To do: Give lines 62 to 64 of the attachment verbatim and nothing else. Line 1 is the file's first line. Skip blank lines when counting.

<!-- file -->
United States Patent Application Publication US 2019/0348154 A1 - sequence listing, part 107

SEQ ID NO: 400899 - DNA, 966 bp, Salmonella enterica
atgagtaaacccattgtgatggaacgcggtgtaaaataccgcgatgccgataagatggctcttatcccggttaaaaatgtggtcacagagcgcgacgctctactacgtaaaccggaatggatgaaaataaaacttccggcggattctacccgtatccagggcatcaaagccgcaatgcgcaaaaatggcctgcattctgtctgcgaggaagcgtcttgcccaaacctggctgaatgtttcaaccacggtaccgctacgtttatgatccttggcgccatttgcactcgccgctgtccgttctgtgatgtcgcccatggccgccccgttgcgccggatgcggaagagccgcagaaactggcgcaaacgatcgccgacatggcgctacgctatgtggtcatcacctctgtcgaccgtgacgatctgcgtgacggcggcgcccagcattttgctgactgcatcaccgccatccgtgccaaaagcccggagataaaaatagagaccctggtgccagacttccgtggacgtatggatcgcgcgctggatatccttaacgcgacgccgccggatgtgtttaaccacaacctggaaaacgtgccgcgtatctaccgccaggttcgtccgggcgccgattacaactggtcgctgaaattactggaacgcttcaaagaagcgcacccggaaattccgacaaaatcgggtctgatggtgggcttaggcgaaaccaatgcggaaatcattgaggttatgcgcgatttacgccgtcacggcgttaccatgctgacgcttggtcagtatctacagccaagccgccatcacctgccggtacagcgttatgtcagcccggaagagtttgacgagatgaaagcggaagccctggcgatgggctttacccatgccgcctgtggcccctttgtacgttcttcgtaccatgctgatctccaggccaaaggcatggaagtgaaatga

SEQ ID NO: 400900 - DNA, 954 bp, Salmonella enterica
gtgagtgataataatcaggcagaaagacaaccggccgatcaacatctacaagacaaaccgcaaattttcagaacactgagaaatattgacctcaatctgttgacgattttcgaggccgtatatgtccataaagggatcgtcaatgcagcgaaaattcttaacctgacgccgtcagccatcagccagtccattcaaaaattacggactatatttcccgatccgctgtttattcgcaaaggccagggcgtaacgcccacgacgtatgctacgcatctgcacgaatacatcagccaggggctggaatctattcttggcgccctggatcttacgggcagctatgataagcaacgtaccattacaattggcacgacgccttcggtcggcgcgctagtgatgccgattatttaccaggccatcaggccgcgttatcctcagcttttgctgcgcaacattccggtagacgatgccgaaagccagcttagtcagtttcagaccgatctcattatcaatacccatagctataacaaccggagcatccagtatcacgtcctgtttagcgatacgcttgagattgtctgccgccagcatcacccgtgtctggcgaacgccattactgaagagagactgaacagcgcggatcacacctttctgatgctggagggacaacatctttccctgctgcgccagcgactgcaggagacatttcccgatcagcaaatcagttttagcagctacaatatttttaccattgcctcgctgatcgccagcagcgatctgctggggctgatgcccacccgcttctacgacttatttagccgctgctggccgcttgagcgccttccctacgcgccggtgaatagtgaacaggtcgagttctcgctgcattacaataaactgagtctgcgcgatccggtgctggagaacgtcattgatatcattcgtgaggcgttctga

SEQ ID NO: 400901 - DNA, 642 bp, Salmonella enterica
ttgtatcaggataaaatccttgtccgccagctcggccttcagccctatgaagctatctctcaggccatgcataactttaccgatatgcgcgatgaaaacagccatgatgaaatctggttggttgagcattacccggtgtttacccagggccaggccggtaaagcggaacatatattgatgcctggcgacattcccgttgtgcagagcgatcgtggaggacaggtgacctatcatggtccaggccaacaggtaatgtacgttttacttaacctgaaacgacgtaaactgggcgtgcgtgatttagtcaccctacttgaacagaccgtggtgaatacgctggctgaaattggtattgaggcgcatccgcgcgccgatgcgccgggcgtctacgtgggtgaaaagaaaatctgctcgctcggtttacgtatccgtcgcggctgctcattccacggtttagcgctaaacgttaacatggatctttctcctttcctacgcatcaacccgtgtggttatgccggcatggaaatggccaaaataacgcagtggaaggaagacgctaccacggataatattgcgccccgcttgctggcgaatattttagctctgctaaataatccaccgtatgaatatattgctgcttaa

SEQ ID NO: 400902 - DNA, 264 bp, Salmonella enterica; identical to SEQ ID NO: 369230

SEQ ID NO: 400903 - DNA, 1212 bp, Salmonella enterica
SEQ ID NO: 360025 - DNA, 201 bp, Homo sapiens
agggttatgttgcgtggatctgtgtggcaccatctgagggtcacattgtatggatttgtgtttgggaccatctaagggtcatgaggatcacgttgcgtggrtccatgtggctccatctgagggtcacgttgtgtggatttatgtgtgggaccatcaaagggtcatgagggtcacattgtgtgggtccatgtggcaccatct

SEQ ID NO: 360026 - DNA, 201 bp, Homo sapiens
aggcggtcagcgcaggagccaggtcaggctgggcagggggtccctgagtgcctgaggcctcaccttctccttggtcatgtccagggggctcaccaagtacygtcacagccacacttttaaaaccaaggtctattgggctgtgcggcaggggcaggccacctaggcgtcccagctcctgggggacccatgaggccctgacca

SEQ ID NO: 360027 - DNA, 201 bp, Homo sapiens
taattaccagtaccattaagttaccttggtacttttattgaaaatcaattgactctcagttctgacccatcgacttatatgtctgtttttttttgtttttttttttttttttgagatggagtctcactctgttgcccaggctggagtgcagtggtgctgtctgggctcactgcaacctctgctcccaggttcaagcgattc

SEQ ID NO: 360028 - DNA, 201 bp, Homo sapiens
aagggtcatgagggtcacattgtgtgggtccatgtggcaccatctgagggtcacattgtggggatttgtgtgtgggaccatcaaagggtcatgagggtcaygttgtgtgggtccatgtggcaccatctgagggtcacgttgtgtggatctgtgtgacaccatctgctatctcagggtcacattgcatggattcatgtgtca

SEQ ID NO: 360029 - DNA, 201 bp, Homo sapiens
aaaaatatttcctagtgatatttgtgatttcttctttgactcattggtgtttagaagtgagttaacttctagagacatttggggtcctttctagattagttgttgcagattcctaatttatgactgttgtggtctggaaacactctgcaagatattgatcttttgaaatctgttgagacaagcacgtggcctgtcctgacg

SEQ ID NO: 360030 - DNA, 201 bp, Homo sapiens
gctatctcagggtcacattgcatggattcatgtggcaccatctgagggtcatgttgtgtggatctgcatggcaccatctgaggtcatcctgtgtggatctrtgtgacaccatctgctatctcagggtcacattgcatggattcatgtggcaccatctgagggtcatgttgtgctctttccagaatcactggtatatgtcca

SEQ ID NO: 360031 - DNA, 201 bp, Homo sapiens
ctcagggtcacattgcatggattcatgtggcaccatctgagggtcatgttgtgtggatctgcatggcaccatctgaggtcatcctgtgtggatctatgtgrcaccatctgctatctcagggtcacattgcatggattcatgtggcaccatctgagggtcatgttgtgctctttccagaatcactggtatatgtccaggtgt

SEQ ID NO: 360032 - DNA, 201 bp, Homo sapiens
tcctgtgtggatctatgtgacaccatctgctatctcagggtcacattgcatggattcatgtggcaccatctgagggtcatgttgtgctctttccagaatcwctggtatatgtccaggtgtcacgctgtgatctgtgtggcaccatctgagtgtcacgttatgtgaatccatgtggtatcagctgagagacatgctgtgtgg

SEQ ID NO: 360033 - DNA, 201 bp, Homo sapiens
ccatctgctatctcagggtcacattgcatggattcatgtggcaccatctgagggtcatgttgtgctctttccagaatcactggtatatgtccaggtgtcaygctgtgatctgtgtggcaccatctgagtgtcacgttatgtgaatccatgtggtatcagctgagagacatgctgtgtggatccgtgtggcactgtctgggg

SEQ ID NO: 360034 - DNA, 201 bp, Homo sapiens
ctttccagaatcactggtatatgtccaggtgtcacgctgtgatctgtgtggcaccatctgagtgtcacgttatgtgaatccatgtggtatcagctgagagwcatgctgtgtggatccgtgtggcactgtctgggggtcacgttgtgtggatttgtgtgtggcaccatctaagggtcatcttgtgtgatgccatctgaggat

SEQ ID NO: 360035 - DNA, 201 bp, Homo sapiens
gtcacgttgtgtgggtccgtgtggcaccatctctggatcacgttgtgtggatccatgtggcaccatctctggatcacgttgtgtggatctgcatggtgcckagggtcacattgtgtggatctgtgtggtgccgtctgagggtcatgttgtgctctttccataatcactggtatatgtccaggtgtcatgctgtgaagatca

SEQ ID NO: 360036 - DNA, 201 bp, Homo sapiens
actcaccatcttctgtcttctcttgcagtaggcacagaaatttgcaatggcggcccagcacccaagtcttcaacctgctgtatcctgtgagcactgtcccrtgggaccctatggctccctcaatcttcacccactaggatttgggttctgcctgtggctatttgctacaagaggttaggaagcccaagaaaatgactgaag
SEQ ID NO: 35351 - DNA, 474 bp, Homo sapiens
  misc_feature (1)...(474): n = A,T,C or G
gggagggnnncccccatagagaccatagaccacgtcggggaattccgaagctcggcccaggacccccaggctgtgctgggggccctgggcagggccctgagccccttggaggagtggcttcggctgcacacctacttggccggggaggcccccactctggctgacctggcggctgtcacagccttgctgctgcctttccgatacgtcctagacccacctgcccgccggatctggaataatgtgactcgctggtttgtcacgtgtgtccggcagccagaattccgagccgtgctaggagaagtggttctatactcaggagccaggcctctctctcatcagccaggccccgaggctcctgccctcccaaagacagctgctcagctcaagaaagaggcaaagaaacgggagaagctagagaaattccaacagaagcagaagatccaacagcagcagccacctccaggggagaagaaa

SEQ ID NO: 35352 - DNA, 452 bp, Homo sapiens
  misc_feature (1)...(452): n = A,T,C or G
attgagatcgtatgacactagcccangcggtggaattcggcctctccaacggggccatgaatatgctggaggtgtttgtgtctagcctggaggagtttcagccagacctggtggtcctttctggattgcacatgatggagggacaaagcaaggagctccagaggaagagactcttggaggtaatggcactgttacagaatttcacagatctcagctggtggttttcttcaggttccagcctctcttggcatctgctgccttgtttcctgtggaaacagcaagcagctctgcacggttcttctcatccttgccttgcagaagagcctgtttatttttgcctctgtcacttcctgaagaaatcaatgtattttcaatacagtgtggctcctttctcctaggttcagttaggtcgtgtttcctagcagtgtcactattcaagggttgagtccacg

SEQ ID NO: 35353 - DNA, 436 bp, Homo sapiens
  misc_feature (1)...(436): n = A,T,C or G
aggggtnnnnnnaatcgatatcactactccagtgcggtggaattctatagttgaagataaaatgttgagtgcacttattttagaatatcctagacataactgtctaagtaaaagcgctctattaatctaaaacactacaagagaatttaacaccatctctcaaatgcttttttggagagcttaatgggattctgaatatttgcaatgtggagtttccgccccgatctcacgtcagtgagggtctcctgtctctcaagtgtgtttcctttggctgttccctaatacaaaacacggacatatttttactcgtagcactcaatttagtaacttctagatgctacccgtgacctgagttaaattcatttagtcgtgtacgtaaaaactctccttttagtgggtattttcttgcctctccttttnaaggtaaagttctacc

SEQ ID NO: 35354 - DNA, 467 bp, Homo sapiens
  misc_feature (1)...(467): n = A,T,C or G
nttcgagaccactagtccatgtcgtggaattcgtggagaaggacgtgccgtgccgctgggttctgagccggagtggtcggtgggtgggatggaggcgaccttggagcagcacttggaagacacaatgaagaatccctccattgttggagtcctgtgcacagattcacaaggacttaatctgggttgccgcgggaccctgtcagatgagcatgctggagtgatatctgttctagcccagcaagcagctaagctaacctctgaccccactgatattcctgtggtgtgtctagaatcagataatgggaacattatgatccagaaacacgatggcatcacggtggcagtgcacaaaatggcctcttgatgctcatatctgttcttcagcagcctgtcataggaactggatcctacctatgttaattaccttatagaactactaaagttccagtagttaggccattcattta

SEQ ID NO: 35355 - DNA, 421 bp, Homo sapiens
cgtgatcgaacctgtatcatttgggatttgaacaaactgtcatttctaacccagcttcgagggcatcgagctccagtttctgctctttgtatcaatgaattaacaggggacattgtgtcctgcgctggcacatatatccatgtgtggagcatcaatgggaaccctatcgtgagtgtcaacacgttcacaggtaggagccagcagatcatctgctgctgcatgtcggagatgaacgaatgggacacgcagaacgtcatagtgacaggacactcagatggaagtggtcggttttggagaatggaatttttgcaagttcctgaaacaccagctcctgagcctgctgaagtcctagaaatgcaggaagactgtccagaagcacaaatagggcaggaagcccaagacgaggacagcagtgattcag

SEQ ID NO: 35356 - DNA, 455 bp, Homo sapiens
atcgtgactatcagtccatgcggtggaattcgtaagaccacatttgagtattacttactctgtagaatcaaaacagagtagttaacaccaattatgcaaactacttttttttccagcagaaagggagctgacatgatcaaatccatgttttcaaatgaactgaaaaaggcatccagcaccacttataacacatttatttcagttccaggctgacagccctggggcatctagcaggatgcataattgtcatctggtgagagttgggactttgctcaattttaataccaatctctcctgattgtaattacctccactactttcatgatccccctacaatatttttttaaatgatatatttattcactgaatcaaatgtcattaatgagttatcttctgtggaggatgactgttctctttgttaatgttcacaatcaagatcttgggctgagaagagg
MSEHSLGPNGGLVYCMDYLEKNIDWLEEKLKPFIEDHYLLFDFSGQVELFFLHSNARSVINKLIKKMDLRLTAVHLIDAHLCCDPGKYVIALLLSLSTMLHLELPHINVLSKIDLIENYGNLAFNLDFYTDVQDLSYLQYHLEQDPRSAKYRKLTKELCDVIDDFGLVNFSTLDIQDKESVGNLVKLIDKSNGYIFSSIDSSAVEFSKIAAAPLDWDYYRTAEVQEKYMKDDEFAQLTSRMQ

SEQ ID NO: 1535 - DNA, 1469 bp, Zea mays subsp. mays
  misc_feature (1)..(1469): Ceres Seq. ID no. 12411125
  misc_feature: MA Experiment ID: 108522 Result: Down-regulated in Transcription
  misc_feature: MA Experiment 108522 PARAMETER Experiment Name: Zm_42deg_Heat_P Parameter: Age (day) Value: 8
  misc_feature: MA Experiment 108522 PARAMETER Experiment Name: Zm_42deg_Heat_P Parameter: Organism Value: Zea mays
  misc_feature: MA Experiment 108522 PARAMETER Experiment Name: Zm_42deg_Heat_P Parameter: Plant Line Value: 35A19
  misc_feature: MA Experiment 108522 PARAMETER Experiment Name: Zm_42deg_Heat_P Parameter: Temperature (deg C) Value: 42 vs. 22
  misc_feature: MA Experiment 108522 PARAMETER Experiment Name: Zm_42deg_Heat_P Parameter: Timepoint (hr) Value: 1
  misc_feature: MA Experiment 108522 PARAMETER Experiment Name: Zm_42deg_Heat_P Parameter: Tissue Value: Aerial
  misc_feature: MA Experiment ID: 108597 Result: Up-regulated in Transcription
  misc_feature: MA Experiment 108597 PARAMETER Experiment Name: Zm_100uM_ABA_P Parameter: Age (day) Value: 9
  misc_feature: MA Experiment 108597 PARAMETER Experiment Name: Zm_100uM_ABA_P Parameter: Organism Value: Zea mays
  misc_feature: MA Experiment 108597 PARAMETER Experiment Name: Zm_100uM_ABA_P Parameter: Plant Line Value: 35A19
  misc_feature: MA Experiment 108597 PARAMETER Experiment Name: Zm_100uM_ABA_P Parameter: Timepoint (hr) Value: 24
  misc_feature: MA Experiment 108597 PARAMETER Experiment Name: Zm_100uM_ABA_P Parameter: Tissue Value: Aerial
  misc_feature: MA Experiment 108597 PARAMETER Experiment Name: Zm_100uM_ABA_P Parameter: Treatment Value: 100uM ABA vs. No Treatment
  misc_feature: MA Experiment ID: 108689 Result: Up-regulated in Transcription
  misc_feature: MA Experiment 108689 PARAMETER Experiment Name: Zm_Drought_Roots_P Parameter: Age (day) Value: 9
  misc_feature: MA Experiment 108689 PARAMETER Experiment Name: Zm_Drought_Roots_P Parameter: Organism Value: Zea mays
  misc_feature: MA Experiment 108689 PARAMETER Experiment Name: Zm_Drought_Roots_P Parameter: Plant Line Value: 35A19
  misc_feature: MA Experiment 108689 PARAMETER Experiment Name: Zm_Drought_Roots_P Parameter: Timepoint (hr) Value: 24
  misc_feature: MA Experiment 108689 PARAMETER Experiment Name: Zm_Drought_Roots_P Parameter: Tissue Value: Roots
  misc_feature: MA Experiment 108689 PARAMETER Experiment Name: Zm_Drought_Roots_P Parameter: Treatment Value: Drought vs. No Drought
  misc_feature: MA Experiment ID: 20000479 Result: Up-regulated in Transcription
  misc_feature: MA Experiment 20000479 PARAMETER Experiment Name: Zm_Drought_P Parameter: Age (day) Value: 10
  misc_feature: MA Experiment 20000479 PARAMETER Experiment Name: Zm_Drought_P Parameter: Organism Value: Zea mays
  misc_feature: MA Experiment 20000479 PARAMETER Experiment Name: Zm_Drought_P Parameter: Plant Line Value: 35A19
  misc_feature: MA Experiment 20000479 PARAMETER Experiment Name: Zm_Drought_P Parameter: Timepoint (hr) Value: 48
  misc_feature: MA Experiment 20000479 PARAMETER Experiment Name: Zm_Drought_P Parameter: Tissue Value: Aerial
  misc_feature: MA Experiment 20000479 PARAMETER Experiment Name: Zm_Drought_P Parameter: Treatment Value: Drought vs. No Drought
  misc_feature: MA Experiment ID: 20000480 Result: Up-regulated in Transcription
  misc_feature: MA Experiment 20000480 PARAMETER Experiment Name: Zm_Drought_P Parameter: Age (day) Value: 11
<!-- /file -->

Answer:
  misc_feature: MA Experiment 108597 PARAMETER Experiment Name: Zm_100uM_ABA_P Parameter: Organism Value: Zea mays
  misc_feature: MA Experiment 108597 PARAMETER Experiment Name: Zm_100uM_ABA_P Parameter: Plant Line Value: 35A19
  misc_feature: MA Experiment 108597 PARAMETER Experiment Name: Zm_100uM_ABA_P Parameter: Timepoint (hr) Value: 24